SACRAMENTO, CA -- A team of eight middle school students here has designed an electrolyzed water vending machine that they're hoping will take top place at the FIRST Lego League Robotics Sacramento District Championship on Feb. 11. The team advanced to the regional competition after winning the local qualifying tournament in Chico, CA.
The four boys and four girls (the "Folsom BrainStormers") are from four different schools. Their novel vending application produces electrolyzed water, which is proven to reduce food contamination and can also be used as a nontoxic cleaning agent. The team's coach, Charles Smothers, has been coaching robotics teams for last four years.
FIRST (For Inspiration and Recognition of Science and Technology) is a worldwide organization that encourages kids, mentors, coaches and parents to get passionate about science and engineering. It does this by challenging teams of kids to build and program robots. FIRST's programs are designed for different age groups; one is the FIRST Lego League, or FLL.
FLL teams are required not only to build robots, but also to research a real-world problem chosen as the annual theme. This year's is "Food Factor," and the challenge is to identify a safety issue in the global food supply, research it and propose a solution. The participants are expected to partner with researchers and other experts.
In previous years, themes have included climate change, energy, transportation and medical engineering. Teams have been granted patents, had legislation enacted, developed products, and created foundations to raise money and awareness.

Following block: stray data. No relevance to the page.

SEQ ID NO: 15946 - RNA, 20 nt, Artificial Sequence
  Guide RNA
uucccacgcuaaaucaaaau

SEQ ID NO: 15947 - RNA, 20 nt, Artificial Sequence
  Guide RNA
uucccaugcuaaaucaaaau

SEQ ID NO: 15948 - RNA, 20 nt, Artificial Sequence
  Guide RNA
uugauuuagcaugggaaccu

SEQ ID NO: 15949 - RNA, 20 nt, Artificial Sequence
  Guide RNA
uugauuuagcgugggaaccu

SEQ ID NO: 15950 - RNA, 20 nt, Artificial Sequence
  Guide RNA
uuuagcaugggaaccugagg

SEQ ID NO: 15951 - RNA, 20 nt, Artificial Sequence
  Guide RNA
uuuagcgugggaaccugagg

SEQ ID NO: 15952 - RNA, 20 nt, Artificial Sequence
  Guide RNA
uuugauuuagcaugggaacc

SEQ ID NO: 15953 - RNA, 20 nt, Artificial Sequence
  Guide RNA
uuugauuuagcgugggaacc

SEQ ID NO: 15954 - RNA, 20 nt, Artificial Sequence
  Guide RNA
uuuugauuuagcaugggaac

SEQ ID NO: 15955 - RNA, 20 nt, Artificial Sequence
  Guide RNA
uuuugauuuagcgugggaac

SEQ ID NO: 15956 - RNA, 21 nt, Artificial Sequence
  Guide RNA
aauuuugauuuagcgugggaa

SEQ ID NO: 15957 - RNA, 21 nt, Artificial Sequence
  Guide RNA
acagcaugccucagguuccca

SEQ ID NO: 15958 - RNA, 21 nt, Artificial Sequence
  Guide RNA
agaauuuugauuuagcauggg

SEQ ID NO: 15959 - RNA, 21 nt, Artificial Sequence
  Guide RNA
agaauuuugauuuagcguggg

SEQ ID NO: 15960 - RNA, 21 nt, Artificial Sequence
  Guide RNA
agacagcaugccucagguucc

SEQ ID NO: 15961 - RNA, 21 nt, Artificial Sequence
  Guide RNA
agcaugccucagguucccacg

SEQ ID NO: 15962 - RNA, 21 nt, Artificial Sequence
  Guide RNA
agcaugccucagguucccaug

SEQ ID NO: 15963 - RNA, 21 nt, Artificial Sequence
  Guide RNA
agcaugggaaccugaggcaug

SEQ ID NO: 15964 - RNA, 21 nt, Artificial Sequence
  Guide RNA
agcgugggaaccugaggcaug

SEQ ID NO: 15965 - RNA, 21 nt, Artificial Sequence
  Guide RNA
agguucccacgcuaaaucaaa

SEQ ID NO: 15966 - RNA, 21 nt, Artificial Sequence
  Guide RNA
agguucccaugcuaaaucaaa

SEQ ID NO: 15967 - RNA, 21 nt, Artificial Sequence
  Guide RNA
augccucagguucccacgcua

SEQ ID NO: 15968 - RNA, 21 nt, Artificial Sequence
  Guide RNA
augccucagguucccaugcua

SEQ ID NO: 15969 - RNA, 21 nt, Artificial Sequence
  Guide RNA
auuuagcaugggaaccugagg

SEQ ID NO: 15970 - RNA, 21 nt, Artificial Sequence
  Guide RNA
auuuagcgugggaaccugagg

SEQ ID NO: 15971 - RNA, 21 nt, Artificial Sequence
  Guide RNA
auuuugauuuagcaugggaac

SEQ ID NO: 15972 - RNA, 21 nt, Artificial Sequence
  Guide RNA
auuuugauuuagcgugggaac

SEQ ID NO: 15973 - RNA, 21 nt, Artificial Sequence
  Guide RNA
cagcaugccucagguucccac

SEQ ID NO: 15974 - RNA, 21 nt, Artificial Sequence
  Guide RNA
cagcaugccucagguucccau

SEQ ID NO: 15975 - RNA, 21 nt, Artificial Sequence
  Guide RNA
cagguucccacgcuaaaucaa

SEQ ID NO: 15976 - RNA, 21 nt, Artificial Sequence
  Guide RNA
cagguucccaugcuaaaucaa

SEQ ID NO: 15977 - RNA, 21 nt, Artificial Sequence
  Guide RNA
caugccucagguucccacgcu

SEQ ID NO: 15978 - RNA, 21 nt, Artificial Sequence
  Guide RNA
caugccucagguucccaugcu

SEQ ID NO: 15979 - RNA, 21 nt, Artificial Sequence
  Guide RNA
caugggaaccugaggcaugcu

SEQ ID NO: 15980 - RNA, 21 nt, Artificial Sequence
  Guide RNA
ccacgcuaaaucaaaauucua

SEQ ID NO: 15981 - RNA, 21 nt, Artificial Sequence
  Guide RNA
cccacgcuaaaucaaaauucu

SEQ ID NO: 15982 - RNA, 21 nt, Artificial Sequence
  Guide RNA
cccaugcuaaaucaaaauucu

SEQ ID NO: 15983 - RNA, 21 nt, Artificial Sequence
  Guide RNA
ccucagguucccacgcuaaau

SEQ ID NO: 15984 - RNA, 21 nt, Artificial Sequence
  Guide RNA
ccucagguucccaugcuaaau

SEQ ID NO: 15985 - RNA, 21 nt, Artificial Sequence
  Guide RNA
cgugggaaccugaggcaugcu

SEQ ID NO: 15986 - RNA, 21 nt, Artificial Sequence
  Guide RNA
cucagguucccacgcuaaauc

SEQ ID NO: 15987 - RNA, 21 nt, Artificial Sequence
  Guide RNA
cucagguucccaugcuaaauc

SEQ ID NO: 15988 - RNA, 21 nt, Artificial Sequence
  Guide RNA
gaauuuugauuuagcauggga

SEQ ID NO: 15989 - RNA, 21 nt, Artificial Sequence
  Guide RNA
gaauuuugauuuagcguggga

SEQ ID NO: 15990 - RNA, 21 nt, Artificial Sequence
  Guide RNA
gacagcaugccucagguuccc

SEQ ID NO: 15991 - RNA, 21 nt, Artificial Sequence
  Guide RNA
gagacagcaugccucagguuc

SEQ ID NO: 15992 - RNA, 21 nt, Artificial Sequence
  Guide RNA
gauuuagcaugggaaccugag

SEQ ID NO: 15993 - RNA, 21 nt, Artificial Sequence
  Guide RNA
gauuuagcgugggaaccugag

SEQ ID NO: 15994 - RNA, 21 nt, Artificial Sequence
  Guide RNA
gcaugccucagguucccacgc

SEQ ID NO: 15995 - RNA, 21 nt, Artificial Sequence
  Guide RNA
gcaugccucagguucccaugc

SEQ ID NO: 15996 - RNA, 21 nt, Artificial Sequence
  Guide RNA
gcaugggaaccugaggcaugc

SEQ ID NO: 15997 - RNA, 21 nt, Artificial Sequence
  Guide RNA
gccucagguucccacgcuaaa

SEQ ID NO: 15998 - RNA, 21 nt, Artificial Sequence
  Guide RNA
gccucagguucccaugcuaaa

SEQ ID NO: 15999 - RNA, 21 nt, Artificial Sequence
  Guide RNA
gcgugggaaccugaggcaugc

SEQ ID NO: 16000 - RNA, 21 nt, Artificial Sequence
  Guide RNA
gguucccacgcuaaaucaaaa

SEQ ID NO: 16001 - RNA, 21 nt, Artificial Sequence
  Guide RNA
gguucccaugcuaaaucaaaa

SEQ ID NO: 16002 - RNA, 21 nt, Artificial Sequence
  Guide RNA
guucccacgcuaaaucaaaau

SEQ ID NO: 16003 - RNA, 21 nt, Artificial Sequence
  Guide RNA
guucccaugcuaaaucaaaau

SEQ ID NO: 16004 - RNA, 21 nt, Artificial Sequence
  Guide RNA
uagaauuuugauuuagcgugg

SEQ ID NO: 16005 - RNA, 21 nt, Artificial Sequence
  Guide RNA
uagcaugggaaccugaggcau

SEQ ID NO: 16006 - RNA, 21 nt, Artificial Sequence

The Folsom BrainStormers researched many foods including milk, nuts, grains salsa, and ketchup. They spoke with experts in the field, including an infectious disease specialist with Kaiser Permanente and an agricultural researcher from the University of California (Davis).
The team members selected salsa, since their research found that it is the number one condiment in the U.S. -- and that 1 in 25 food-borne illnesses directly involves fresh salsa or guacamole. Since these foods are not cooked, there are no simple solutions to removing pathogens from them -- and the contestants were restricted to non-thermal methods of combating contamination.
Photo | VENDING MACHINE DESIGN TEAM: In front row, from left, are Micah, Vijay, Camden and Puja; in middle, from left, are Pranav, Nikhil, Suma, Srilekha and Kruti; in back row, from left, are Louis Biggers, Sri Kodali, Charles Smothers and Caleb Biggers, the team's coaches and mentors.
One seventh-grade team member, Pranav, was surprised by the number of research articles he found on Google Scholar about "electrolyzed water." He and his teammates were intrigued to learn that a nontoxic cleaning solution and a disinfectant could be created simply by adding salt to water and passing an electric current through the solution.